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Consideration for the Victoria Cross - Afghanistan

Walt

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Attached is a link to an interesting article regarding the potential to retroactively award the Victoria Cross to members of the Canadian Armed Forces who served in Afghanistan.

https://www.cbc.ca/news/politics/victoria-cross-afghanistan-rick-hillier-1.5796078
 

daftandbarmy

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Walt said:
Attached is a link to an interesting article regarding the potential to retroactively award the Victoria Cross to members of the Canadian Armed Forces who served in Afghanistan.

https://www.cbc.ca/news/politics/victoria-cross-afghanistan-rick-hillier-1.5796078

A couple of other VC citations, for UK recipients in AFG, by way of comparison:

https://en.wikipedia.org/wiki/Joshua_Leakey#:~:text=In%202015%2C%20Leakey%20was%20awarded,Afghanistan%2C%20on%2022%20August%202013.

https://en.wikipedia.org/wiki/Bryan_Budd#:~:text=He%20was%20the%2020th%20UK,of%20the%20Second%20World%20War.

Given some of the actions they were invovled in, I'm sure that at least one of our SMV recipients would qualify...
 

daftandbarmy

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dapaterson said:
So, to recap: two CDSes who were responsible for H&R during the CAF engagement in Afghanistan who never saw fit to recommend any action for a VC, are now saying that their work was shoddy, and should be revisited?

Oh, you're goooood  :nod:
 

FJAG

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dapaterson said:
So, to recap: two CDSes who were responsible for H&R during the CAF engagement in Afghanistan who never saw fit to recommend any action for a VC, are now saying that their work was shoddy, and should be revisited?

Sigh.  :waiting:
 

Haggis

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dapaterson said:
So, to recap: two CDSes who were responsible for H&R during the CAF engagement in Afghanistan who never saw fit to recommend any action for a VC, are now saying that their work was shoddy, and should be revisited?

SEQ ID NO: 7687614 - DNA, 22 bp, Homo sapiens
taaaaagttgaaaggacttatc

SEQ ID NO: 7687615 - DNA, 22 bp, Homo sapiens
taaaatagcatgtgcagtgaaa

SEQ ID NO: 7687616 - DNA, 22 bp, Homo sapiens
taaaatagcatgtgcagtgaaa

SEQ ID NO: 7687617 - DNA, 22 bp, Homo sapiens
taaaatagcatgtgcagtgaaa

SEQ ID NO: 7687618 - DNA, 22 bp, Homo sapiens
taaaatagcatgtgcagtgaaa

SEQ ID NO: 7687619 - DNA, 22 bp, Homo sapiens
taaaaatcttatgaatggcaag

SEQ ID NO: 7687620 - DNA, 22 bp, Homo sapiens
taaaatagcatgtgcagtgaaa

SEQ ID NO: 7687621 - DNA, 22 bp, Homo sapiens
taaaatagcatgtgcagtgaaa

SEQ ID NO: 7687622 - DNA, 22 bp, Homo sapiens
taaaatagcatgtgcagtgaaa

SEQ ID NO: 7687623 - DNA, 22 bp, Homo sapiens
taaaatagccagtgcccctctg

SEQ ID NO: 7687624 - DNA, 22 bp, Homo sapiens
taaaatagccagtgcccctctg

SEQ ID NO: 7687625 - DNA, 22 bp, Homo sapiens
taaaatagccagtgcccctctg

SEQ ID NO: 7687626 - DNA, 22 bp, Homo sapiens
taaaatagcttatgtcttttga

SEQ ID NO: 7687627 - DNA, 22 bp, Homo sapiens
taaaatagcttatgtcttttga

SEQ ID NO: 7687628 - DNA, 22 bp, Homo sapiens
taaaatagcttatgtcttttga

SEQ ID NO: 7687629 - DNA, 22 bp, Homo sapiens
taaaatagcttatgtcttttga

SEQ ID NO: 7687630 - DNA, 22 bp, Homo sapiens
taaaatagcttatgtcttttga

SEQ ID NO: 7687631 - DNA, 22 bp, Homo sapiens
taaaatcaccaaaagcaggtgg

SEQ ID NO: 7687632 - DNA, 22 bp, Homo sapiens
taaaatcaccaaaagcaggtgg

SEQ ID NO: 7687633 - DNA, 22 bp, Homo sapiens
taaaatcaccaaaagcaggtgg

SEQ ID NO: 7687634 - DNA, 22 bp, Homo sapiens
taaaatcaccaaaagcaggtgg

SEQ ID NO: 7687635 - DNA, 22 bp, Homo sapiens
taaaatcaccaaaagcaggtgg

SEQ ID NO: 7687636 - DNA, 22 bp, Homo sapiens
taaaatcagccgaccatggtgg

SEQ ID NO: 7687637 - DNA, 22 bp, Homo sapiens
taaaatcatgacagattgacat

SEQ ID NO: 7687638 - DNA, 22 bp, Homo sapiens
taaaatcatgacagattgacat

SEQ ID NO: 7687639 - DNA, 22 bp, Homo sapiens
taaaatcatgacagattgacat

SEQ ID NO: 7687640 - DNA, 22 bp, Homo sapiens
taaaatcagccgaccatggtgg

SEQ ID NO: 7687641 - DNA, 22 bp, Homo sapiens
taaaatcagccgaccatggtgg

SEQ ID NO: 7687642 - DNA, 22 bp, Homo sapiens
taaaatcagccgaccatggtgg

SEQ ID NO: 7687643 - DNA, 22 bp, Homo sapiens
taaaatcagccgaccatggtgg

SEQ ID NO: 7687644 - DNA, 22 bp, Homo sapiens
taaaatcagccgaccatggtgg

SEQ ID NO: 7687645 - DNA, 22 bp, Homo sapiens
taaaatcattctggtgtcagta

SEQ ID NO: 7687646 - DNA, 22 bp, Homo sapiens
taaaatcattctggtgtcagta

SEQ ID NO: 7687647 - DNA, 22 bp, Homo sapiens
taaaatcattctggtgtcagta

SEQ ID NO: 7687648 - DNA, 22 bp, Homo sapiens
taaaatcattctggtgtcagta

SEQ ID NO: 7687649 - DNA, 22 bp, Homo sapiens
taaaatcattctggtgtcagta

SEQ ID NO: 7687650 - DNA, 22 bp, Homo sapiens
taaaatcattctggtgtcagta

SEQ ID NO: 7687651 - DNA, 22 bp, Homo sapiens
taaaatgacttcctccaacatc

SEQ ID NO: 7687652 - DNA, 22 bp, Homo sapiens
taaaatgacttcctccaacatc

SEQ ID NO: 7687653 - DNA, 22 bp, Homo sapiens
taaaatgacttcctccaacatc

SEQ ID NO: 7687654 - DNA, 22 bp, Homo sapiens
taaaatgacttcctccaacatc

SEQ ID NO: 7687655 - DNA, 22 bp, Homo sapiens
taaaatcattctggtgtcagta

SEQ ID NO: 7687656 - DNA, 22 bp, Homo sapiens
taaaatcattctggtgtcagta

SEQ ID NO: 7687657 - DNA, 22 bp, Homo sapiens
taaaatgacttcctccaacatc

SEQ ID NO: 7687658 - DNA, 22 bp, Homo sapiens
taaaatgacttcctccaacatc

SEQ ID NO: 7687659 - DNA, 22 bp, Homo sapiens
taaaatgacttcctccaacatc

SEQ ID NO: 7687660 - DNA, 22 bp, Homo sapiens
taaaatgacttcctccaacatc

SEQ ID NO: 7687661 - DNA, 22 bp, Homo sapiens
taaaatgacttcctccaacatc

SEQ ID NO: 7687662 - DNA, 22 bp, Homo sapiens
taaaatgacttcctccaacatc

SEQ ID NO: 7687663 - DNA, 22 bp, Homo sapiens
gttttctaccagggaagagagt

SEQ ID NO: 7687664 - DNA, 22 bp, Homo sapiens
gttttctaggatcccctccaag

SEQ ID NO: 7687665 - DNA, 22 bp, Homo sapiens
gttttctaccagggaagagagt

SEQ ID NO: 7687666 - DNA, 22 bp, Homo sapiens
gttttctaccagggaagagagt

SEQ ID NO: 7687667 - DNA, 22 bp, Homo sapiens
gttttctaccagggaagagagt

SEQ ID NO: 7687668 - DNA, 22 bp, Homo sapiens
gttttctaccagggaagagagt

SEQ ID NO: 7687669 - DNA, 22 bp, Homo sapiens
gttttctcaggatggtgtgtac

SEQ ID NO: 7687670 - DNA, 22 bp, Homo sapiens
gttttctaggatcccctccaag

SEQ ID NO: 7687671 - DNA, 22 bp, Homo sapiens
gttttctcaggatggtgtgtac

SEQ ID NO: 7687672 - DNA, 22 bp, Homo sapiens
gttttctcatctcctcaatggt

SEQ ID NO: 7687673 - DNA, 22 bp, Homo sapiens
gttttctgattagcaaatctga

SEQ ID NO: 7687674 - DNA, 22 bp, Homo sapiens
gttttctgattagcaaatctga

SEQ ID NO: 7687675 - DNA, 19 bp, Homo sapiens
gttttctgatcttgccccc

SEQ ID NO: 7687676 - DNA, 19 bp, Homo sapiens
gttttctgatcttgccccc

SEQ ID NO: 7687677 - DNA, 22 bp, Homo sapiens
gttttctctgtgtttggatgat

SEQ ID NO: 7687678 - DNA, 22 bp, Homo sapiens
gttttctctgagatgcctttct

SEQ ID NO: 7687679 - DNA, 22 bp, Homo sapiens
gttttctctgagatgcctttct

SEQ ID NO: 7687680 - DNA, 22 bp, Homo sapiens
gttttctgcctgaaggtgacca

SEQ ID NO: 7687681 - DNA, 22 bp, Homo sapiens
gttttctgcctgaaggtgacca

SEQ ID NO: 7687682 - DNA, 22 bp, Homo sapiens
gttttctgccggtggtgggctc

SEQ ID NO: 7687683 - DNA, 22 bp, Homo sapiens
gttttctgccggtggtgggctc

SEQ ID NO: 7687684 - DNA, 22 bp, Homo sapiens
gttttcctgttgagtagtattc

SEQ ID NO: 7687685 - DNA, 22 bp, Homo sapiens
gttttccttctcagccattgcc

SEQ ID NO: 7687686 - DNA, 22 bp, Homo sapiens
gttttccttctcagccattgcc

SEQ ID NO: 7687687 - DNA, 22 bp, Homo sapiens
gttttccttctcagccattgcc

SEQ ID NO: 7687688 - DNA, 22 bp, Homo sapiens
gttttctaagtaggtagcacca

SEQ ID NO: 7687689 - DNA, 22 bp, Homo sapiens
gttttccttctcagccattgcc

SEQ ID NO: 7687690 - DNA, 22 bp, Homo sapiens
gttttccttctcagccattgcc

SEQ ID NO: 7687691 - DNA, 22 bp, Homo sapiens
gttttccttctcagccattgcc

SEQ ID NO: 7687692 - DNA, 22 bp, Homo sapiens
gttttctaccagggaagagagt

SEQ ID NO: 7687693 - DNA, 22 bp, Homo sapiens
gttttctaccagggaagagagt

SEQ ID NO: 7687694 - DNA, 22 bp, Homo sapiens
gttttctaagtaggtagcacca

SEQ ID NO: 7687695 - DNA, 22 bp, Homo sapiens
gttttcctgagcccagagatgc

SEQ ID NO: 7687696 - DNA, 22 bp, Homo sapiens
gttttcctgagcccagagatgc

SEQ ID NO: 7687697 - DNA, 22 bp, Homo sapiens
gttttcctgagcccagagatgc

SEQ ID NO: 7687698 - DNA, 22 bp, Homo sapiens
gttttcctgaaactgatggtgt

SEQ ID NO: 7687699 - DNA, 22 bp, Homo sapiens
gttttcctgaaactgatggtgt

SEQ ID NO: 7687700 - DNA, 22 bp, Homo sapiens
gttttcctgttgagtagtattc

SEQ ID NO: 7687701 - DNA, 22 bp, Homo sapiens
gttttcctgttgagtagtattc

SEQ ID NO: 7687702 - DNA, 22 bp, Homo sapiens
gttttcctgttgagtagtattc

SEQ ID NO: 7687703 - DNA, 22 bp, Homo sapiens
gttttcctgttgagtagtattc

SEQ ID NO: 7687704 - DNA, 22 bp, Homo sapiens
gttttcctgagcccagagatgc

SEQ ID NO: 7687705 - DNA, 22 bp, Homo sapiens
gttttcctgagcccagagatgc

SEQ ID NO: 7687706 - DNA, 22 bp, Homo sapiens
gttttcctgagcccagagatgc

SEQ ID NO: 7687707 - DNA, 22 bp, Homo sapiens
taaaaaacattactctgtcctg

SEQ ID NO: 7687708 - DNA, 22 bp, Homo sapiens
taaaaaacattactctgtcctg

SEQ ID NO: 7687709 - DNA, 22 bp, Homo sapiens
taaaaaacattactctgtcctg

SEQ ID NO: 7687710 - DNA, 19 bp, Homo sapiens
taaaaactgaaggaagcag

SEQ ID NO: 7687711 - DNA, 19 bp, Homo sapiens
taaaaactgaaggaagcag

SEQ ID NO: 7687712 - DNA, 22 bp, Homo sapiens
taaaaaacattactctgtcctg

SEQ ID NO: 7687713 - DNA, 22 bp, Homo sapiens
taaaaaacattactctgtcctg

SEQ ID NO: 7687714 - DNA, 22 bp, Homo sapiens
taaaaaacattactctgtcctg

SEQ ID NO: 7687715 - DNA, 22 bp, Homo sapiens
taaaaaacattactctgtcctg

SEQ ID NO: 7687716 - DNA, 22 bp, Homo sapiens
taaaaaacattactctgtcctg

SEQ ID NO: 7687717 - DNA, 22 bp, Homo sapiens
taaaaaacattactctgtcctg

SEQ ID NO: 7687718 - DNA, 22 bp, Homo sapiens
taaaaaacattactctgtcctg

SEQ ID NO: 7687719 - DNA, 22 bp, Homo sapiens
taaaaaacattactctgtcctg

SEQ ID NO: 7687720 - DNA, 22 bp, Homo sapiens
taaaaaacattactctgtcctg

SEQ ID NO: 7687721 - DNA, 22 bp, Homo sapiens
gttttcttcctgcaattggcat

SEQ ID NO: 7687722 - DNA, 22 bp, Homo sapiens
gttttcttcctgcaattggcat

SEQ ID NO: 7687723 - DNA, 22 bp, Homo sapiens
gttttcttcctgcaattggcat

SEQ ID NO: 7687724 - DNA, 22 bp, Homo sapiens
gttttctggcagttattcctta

There are two factors I would consider in these cases.

First, given the personalities involved in the nomination process (as alluded to, above) were any of these members actually upgraded from SMV to VC nominations at the time? if not, why?  Both the CDS's mentioned in the article were huge on both recognizing the soldiers and creating bling.  Unless more supporting facts came to light or witnesses were to come forward to reinforce the nominations, they would likely stand as is.

Second, The clock has run out.  However, our leaders could follow the US lead in the example of SFC Alwyn Cashe.  SFC Cashe was posthumously awarded the Silver Star and the US Senate passed a Bill in September waiving the five-year time limit for Medal of Honor awards.
 

The Bread Guy

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dapaterson said:
So, to recap: two CDSes who were responsible for H&R during the CAF engagement in Afghanistan who never saw fit to recommend any action for a VC, are now saying that their work was shoddy, and should be revisited?
So young to be so cynical ...  ;D
 

tomahawk6

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I can see how military leaders don't want to devalue the VC, its the same in the US. Personally I think every soldier killed in action deserves their nation's highest honor. The honor won't BRING BACK their loved one but it signifies to the nation that the loss was a sacrifice of the life of the fallen and a loss for a family. So award the nation's highest honor to those that have sacrificed their all, cannot their country reciprocate ?
 

dimsum

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tomahawk6 said:
I can see how military leaders don't want to devalue the VC, its the same in the US. Personally I think every soldier killed in action deserves their nation's highest honor. The honor won't BRING BACK their loved one but it signifies to the nation that the loss was a sacrifice of the life of the fallen and a loss for a family. So award the nation's highest honor to those that have sacrificed their all, cannot their country reciprocate ?

The UK and Australia have awarded VCs to living members in the last 20 years.  While most of the actions that get awarded VCs end up being posthumous, that's not a requirement.
 

brihard

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tomahawk6 said:
I can see how military leaders don't want to devalue the VC, its the same in the US. Personally I think every soldier killed in action deserves their nation's highest honor. The honor won't BRING BACK their loved one but it signifies to the nation that the loss was a sacrifice of the life of the fallen and a loss for a family. So award the nation's highest honor to those that have sacrificed their all, cannot their country reciprocate ?